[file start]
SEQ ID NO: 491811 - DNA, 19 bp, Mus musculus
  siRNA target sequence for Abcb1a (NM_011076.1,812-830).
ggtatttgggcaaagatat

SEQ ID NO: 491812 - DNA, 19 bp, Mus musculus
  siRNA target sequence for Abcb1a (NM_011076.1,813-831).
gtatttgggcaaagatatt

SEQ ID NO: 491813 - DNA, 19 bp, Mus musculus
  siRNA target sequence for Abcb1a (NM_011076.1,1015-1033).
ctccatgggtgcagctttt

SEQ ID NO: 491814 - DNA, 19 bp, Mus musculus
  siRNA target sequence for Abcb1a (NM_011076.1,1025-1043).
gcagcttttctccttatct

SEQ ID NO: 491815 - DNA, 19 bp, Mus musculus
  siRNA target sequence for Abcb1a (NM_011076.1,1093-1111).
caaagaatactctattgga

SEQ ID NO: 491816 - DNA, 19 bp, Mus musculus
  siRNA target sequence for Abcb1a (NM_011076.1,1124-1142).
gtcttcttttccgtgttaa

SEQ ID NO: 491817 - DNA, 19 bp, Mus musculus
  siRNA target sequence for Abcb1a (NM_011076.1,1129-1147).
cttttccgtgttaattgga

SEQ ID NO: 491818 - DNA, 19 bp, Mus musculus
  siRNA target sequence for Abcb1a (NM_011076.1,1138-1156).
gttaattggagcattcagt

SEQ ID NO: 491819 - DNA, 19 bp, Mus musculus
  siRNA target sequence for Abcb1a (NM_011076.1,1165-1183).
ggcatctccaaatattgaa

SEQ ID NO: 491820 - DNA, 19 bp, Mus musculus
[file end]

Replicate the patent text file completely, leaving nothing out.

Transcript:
SEQ ID NO: 491811 - DNA, 19 bp, Mus musculus
  siRNA target sequence for Abcb1a (NM_011076.1,812-830).
ggtatttgggcaaagatat

SEQ ID NO: 491812 - DNA, 19 bp, Mus musculus
  siRNA target sequence for Abcb1a (NM_011076.1,813-831).
gtatttgggcaaagatatt

SEQ ID NO: 491813 - DNA, 19 bp, Mus musculus
  siRNA target sequence for Abcb1a (NM_011076.1,1015-1033).
ctccatgggtgcagctttt

SEQ ID NO: 491814 - DNA, 19 bp, Mus musculus
  siRNA target sequence for Abcb1a (NM_011076.1,1025-1043).
gcagcttttctccttatct

SEQ ID NO: 491815 - DNA, 19 bp, Mus musculus
  siRNA target sequence for Abcb1a (NM_011076.1,1093-1111).
caaagaatactctattgga

SEQ ID NO: 491816 - DNA, 19 bp, Mus musculus
  siRNA target sequence for Abcb1a (NM_011076.1,1124-1142).
gtcttcttttccgtgttaa

SEQ ID NO: 491817 - DNA, 19 bp, Mus musculus
  siRNA target sequence for Abcb1a (NM_011076.1,1129-1147).
cttttccgtgttaattgga

SEQ ID NO: 491818 - DNA, 19 bp, Mus musculus
  siRNA target sequence for Abcb1a (NM_011076.1,1138-1156).
gttaattggagcattcagt

SEQ ID NO: 491819 - DNA, 19 bp, Mus musculus
  siRNA target sequence for Abcb1a (NM_011076.1,1165-1183).
ggcatctccaaatattgaa

SEQ ID NO: 491820 - DNA, 19 bp, Mus musculus